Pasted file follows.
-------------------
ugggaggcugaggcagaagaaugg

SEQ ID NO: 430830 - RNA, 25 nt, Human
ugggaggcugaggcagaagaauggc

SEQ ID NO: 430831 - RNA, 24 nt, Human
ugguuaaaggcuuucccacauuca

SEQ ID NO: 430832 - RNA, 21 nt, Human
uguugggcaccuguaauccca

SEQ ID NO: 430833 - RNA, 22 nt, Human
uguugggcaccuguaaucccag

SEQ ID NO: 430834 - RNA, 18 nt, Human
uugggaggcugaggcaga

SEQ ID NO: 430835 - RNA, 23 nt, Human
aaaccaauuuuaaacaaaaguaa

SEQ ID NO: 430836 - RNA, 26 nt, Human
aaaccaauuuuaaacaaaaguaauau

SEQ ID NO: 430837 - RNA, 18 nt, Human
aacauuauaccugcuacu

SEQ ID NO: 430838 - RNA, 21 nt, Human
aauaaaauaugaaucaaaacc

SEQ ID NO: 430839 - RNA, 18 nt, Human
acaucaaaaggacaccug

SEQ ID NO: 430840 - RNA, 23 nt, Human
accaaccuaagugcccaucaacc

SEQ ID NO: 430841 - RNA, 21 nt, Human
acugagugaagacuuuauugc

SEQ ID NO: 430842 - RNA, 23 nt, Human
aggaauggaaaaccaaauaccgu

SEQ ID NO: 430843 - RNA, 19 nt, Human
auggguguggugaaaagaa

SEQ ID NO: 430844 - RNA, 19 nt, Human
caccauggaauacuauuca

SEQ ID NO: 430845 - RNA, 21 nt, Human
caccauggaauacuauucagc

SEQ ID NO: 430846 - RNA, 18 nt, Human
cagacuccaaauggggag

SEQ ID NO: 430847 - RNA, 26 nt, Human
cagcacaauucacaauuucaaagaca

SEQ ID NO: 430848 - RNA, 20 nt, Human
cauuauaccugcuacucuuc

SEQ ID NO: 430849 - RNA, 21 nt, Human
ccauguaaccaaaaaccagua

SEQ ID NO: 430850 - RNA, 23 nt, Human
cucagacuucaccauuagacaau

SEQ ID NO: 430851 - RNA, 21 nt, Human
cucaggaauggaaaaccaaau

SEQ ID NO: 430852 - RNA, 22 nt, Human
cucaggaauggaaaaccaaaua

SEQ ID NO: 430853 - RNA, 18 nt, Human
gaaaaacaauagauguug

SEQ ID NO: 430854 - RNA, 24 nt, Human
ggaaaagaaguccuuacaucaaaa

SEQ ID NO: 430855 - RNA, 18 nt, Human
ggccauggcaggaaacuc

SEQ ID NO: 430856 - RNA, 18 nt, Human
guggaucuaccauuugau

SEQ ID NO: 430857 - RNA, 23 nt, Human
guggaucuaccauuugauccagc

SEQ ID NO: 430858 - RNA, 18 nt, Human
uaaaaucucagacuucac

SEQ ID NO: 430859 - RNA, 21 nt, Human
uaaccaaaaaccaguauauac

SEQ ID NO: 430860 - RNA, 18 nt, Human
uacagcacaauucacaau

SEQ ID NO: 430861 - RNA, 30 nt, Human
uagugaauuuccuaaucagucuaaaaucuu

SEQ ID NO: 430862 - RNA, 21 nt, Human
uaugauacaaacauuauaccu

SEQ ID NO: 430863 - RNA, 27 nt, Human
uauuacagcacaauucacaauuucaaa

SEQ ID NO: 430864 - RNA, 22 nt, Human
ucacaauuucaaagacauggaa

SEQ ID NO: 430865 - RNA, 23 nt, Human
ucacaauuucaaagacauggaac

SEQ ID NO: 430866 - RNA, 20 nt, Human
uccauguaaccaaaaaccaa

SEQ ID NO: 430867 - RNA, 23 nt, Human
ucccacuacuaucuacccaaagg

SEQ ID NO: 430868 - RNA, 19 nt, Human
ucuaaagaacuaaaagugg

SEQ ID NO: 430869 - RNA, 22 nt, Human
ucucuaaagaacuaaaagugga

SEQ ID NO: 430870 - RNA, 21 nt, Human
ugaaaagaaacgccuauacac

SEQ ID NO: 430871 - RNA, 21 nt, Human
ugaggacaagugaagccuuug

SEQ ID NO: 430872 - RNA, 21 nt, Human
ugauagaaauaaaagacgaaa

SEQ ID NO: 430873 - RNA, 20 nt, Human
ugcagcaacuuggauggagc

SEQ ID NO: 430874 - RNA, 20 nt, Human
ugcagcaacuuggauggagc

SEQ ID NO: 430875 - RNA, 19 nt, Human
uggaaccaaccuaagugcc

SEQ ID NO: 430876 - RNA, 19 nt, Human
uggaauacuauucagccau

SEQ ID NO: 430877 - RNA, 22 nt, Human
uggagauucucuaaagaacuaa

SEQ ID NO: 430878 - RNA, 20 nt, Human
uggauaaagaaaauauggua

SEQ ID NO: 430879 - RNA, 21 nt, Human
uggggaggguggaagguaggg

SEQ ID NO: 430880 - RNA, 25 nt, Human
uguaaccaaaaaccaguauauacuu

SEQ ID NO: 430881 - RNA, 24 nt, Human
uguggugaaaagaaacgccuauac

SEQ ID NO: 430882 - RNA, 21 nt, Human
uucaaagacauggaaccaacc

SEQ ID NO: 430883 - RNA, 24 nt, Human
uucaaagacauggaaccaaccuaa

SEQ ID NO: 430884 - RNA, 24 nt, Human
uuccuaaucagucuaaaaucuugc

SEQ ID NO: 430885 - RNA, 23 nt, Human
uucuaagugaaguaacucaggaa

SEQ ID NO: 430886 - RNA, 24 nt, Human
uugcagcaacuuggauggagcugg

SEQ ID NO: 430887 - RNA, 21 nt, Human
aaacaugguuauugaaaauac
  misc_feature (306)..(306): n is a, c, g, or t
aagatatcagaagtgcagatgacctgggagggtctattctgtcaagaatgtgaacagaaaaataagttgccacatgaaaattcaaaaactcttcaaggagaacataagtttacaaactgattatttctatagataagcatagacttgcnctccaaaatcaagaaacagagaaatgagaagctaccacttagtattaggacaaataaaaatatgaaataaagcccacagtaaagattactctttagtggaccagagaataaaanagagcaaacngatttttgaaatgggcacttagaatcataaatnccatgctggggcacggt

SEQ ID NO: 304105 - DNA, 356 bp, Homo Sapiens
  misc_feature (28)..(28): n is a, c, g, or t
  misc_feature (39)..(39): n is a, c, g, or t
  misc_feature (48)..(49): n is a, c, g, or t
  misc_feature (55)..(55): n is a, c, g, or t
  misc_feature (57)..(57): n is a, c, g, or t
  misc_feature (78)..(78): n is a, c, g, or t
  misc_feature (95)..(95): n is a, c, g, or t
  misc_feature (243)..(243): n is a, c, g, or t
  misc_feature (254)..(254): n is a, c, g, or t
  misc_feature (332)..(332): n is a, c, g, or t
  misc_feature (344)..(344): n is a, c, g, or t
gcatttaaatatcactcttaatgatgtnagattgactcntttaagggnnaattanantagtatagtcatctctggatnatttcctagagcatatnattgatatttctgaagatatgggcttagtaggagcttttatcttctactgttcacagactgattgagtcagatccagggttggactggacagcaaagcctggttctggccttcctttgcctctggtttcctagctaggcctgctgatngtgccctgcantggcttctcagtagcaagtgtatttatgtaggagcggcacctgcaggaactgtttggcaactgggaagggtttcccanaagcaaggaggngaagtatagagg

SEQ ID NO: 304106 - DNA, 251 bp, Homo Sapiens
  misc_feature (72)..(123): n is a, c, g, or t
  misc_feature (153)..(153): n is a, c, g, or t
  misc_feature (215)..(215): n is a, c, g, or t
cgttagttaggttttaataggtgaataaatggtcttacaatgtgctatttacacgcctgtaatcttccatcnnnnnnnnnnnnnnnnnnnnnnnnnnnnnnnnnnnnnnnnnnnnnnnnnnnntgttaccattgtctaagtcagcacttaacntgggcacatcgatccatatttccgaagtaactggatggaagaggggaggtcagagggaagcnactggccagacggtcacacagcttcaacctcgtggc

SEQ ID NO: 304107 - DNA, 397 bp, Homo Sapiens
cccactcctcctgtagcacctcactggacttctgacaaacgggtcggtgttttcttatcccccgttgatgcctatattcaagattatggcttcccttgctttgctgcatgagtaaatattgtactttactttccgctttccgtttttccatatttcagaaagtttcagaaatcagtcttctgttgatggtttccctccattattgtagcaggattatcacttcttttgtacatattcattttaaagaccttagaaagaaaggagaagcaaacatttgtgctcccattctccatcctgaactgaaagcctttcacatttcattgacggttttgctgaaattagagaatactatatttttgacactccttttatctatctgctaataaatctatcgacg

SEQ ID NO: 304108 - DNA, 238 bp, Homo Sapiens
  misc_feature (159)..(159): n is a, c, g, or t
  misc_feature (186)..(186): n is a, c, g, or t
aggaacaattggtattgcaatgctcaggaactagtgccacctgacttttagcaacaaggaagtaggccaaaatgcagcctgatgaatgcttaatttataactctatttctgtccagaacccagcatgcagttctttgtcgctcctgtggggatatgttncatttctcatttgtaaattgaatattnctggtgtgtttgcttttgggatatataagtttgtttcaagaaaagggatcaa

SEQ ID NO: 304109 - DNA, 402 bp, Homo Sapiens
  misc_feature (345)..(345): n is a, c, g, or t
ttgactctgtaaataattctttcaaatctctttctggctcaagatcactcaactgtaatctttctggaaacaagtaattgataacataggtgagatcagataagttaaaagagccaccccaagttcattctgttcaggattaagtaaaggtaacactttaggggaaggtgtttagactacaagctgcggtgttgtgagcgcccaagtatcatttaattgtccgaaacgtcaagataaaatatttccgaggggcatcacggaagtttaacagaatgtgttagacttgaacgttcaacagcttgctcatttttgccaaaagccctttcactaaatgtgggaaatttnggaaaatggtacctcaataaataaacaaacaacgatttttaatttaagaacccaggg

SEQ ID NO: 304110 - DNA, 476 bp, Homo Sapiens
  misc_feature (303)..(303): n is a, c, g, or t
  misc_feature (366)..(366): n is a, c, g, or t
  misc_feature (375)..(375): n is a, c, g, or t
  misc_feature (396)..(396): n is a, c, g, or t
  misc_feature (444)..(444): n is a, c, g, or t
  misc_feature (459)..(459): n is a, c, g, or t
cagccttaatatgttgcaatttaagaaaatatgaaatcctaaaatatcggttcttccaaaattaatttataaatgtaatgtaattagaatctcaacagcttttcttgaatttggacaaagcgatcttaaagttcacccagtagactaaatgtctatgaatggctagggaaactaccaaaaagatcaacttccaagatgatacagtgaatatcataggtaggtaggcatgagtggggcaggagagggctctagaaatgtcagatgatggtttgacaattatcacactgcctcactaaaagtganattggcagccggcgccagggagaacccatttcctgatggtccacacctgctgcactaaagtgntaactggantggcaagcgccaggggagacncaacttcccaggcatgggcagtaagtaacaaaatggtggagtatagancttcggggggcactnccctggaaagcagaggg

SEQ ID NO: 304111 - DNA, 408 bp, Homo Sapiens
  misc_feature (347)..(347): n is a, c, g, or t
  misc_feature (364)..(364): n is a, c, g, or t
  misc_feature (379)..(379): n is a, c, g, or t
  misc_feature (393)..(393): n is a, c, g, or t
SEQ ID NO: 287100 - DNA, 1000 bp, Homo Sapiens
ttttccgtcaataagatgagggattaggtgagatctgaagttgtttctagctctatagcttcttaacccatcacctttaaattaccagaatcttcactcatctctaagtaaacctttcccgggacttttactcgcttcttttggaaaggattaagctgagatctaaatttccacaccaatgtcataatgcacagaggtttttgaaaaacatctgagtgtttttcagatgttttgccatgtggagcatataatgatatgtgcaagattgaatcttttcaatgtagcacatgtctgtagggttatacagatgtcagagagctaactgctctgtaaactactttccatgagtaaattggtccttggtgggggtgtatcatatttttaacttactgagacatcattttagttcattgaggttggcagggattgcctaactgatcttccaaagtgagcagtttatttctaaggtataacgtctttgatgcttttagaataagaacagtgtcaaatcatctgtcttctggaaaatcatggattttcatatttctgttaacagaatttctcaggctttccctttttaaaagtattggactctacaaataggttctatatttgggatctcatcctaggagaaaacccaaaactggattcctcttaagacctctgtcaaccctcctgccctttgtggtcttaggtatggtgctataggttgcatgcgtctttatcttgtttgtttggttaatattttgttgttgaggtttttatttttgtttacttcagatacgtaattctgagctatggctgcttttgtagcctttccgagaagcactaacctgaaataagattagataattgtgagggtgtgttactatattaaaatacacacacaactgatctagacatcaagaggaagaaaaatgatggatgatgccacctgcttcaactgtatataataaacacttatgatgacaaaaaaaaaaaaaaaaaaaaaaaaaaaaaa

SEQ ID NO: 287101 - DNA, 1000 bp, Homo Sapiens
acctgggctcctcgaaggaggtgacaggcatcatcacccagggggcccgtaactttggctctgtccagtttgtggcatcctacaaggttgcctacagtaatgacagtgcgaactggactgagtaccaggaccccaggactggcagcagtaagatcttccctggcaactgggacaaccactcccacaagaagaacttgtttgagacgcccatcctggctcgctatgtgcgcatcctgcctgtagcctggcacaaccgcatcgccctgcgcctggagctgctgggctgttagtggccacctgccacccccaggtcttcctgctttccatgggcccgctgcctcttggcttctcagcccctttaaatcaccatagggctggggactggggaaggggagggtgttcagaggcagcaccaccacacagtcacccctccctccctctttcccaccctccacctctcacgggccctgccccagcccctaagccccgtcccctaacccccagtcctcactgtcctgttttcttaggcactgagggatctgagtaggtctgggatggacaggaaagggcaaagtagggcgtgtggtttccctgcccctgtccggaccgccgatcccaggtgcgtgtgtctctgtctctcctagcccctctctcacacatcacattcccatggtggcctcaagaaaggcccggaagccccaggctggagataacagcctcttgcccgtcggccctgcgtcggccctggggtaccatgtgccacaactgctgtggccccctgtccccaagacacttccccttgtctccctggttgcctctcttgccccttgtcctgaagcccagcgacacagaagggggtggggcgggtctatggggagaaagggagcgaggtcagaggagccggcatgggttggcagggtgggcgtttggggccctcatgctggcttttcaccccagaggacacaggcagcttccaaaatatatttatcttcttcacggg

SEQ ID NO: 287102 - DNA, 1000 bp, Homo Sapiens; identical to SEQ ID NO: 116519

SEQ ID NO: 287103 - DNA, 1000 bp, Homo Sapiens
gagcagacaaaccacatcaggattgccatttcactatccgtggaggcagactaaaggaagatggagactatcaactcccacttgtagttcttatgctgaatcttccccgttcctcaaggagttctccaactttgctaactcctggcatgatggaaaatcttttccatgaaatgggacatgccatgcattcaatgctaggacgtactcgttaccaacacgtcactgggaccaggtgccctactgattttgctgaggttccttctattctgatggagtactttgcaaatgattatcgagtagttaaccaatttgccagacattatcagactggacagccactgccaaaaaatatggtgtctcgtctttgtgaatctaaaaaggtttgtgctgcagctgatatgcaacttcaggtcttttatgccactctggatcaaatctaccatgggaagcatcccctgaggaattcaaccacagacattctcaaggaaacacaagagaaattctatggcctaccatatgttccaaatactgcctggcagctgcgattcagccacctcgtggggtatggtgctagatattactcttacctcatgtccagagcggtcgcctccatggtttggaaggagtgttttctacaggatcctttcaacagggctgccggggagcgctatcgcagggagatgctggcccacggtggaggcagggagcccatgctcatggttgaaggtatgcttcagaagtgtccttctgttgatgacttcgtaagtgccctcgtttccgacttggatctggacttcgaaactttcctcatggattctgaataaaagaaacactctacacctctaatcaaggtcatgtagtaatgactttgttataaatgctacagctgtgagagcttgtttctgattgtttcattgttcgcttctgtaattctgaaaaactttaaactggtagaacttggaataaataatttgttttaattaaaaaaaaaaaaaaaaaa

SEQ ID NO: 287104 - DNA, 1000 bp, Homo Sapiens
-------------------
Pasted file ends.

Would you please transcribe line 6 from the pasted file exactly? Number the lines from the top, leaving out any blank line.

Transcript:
SEQ ID NO: 430832 - RNA, 21 nt, Human